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Barron's NYCB Stock Falls Hard After Credit Downgrades

New York Community Bancorp’s stock losses deepened Monday after problems with commercial real estate loans prompted downgrades to its credit rating.

Most other regional bank stocks were maintaining their altitudes Monday, after having been pulled down last week by NYCB’s troubles.

On nearly five times its recent average daily trading volume, NYCB stock closed down 23%, at $2.73, in Monday trading. Depositors can take fright when they see investors losing confidence in a bank, but it is hard to assess whether the stock’s slide has affected NYCB’s deposit flows. Bank executives haven’t given an update on deposits since about a month ago.

“The fact that they haven’t soothed fears by providing an update on core deposits is leaving investors with more questions than answers,” said Wedbush analyst David Chiaverini, reflecting on the calls he was getting Monday. He was an early bear on NYCB stock, putting a Sell rating on it in November when the shares still traded for $9.

NYCB didn’t immediately respond to requests Monday for comment.

Investors’ hunger for information can pose a dilemma for a bank that’s in the spotlight.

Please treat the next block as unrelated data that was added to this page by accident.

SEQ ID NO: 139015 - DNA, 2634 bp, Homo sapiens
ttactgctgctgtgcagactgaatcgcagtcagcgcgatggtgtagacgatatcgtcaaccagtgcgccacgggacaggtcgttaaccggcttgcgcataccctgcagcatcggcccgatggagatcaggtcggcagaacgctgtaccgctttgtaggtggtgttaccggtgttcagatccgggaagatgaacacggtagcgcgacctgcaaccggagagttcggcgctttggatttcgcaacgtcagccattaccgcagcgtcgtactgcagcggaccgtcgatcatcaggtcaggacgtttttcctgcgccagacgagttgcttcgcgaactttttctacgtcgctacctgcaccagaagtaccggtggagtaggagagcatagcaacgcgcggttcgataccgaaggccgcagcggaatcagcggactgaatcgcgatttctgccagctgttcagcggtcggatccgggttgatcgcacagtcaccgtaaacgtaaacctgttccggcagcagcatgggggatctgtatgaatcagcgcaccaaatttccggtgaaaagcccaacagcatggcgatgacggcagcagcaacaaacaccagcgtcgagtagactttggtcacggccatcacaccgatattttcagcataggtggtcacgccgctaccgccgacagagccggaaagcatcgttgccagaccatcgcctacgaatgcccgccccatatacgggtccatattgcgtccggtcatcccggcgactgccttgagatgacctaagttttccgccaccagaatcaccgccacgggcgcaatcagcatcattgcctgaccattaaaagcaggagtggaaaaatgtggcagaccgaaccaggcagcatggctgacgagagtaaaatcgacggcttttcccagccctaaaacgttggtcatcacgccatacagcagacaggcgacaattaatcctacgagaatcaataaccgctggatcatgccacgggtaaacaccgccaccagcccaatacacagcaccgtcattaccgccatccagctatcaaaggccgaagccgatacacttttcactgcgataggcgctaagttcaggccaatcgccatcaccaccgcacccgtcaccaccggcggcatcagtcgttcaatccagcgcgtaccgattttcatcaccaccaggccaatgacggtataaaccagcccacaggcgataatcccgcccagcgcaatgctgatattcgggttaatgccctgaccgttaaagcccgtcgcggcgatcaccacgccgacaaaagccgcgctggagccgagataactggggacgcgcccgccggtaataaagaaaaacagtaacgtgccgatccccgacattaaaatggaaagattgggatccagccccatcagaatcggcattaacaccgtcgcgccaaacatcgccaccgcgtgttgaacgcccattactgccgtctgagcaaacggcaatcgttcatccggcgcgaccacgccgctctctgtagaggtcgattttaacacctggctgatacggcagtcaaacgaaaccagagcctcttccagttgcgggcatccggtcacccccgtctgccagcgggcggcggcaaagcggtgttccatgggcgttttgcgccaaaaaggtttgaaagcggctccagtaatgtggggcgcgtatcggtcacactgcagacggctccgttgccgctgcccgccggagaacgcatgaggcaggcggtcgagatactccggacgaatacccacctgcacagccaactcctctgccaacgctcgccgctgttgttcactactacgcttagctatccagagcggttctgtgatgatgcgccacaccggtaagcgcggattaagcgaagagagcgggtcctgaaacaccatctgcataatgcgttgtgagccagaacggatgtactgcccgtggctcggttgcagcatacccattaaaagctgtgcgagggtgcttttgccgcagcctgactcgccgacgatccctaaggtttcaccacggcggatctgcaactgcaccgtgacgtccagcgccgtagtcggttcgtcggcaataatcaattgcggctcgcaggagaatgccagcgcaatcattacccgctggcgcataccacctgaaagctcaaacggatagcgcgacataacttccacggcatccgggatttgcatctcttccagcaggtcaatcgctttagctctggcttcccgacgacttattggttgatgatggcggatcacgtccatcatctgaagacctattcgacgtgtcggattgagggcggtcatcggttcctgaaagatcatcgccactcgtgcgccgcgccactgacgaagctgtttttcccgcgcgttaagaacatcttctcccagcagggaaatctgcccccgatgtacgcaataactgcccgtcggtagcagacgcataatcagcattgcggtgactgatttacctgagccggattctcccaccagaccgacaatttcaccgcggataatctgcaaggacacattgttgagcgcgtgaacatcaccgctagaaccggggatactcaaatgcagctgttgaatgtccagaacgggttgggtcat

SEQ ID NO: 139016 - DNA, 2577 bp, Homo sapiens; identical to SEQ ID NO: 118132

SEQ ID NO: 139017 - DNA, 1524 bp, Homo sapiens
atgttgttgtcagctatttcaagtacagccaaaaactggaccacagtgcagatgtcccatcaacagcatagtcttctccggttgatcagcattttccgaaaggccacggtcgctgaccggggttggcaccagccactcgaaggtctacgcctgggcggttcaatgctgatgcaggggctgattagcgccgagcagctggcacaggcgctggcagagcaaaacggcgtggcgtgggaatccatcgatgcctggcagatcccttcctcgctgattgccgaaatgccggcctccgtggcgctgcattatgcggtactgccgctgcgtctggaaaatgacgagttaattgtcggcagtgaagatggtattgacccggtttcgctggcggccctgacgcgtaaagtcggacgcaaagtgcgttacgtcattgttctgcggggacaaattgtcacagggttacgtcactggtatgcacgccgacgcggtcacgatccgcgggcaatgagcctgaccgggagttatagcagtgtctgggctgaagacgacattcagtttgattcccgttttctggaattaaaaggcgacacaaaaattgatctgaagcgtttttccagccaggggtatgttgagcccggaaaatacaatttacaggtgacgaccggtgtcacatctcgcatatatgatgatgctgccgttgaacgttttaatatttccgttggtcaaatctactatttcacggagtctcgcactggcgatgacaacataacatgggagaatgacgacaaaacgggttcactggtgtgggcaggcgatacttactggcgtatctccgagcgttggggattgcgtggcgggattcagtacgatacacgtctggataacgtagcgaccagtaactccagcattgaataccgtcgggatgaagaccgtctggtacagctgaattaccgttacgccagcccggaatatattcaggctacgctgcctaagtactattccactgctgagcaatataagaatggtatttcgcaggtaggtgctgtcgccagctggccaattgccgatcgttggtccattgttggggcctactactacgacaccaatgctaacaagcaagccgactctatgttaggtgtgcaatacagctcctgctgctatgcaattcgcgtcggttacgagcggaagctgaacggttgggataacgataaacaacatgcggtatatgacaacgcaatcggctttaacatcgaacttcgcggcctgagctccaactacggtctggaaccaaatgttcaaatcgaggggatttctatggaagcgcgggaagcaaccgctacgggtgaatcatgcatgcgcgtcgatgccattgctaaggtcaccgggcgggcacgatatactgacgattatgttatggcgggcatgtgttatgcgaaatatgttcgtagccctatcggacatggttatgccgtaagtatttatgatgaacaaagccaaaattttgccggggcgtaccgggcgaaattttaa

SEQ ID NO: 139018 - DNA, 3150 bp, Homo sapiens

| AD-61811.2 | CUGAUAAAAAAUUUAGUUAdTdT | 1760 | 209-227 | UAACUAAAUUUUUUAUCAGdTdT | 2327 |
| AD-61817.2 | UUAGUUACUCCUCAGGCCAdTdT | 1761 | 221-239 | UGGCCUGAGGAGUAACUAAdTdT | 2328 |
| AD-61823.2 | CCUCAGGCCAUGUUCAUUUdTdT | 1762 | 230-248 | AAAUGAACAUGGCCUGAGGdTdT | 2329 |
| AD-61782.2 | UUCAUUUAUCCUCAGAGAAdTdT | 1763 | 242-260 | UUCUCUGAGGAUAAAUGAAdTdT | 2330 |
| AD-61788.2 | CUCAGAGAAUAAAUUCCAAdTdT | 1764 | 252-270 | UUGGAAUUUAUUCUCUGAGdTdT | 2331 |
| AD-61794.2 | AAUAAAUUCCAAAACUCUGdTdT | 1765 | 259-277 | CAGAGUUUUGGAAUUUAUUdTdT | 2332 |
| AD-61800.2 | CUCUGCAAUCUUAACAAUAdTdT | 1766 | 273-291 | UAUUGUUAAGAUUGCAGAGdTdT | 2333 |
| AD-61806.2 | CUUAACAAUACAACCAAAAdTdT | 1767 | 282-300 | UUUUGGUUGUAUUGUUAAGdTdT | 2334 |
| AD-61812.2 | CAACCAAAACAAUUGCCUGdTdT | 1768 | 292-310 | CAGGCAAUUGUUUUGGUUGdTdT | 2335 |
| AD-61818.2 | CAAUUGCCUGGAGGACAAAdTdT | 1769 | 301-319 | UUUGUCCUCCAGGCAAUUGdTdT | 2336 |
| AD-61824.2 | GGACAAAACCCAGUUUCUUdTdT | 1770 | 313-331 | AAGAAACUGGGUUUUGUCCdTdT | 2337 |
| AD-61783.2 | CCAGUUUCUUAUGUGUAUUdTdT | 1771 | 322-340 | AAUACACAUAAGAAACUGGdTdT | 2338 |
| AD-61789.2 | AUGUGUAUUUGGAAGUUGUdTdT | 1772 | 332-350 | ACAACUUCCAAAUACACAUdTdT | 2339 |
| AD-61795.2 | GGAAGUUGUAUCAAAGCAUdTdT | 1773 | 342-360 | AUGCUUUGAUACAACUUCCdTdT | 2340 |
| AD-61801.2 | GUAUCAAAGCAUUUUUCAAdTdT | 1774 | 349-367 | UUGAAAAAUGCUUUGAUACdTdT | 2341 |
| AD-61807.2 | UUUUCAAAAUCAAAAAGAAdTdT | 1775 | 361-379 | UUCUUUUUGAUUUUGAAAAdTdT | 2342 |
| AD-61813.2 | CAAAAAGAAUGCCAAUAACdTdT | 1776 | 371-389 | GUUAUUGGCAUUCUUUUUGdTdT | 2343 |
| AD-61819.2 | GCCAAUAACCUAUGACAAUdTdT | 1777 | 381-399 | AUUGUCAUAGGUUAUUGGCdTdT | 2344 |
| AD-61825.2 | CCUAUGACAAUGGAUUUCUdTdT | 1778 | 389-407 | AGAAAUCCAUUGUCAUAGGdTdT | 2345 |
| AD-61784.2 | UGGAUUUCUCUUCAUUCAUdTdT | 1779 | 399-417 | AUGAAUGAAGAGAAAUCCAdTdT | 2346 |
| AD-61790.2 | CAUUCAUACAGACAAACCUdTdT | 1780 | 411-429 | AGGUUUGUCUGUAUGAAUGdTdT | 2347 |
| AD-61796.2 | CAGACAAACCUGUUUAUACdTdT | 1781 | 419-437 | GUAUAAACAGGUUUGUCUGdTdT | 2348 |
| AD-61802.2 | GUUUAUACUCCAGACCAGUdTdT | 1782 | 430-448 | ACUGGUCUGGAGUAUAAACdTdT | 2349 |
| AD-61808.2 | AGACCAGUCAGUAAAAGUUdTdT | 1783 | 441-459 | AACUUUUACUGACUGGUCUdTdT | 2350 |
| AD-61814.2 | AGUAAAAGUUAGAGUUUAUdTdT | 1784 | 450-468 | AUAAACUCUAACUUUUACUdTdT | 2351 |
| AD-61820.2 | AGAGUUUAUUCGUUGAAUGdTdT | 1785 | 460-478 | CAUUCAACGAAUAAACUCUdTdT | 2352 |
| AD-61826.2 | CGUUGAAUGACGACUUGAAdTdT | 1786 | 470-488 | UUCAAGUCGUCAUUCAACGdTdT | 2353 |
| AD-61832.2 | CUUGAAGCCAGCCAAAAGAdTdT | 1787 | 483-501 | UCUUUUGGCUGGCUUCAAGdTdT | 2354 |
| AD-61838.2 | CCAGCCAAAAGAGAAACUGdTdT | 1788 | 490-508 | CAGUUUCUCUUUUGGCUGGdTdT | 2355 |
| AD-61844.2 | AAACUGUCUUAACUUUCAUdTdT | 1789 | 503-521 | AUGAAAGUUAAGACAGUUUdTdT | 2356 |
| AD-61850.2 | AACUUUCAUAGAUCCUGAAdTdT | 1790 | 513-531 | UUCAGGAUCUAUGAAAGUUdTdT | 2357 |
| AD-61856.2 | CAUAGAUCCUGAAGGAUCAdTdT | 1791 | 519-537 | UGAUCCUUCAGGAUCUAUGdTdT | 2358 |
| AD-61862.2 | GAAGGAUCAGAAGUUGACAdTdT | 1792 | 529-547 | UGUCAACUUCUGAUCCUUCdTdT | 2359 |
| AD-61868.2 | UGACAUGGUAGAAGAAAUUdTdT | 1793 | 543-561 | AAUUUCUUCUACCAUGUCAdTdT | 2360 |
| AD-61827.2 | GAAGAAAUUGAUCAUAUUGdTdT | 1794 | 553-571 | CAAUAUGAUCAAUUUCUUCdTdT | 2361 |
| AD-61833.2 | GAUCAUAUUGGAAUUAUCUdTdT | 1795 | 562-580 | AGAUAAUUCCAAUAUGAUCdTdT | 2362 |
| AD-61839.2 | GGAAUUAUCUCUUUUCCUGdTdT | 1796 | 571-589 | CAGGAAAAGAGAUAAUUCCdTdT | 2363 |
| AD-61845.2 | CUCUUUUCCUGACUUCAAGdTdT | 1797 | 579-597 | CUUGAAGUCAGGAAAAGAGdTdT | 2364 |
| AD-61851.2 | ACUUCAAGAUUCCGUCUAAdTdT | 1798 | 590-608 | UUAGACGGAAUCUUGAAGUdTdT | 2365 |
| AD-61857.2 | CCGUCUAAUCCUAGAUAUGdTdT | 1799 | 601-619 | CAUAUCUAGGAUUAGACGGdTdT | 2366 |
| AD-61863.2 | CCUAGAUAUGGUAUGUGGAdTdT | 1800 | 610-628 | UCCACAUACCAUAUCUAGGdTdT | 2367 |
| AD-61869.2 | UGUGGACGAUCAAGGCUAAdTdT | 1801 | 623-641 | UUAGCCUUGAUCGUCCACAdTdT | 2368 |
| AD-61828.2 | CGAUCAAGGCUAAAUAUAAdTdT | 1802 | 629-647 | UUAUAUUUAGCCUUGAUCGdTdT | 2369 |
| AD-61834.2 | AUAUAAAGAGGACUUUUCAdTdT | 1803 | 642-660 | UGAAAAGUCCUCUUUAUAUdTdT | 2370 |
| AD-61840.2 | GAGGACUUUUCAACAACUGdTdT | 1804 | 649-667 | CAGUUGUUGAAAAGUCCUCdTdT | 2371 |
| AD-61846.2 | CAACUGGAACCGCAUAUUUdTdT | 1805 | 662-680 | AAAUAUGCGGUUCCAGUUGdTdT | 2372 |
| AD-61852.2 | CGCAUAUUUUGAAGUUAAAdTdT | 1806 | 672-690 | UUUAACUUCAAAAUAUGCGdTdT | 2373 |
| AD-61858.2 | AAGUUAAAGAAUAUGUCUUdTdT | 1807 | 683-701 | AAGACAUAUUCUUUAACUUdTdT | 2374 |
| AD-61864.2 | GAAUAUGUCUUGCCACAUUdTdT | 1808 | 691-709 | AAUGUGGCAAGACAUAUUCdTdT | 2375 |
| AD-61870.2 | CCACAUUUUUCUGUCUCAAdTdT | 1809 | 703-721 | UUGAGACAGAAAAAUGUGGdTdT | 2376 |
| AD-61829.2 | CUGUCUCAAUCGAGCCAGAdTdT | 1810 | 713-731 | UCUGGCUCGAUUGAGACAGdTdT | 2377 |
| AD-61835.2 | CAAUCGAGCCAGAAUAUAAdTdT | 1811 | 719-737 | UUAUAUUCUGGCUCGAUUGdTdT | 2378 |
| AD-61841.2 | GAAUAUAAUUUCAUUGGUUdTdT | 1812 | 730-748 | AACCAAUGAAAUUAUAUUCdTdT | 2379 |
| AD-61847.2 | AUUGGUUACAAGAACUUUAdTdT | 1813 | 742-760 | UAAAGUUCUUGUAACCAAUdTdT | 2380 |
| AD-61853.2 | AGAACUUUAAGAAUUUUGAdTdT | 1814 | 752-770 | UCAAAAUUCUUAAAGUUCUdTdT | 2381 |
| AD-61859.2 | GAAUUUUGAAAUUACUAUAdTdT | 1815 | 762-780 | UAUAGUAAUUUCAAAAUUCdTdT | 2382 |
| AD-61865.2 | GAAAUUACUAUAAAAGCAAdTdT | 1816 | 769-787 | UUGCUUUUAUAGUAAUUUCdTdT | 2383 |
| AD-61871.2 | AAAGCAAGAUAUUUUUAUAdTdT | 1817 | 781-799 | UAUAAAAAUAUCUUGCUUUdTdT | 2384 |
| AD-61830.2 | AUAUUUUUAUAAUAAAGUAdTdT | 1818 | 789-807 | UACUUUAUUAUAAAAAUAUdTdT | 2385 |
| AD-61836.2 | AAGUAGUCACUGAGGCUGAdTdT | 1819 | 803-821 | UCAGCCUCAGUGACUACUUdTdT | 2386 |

“If you provide one update, then the market is going to want an update every time the stock sells off,” said Chiaverini. “If they aren’t providing incremental information, then people may assume the worst.” In last year’s panic over regional banks like PacWest Bancorp and Western Alliance Bancorp, those institutions may have done as much harm as good, with drumbeats of reassuring announcements.

Coming into Monday, NYCB had dropped 34% in the past month and 65% since the start of the year. Last week, NYCB—the lender perhaps most exposed to apartment buildings with rent controls in New York City—surprised markets by changing its CEO and saying it found “material weaknesses” in its loan-review process. It took a $2.4 billion charge to write down goodwill it had carried from past bank mergers.

In response, half a dozen stock analysts pulled their Buy ratings. Then late Friday, Fitch downgraded NYCB’s short- and long-term bonds to BB from BBB, putting it just below investment grade, with a Negative rating outlook. Moody’s had downgraded NYCB corporate bonds to junk last month, but dropped them further after Friday’s close, along with the deposit rating for the company’s Flagstar Bank unit.

If inexpensive deposits from retail savers leave NYCB, it can shore up its liquidity with brokered deposits and borrowing from the Federal Home Loan Bank. But those funding sources come at a higher cost for the bank, and would pinch NYCB’s net interest margin—that is, the spread between the interest it pays for funds and the interest it charges for loans.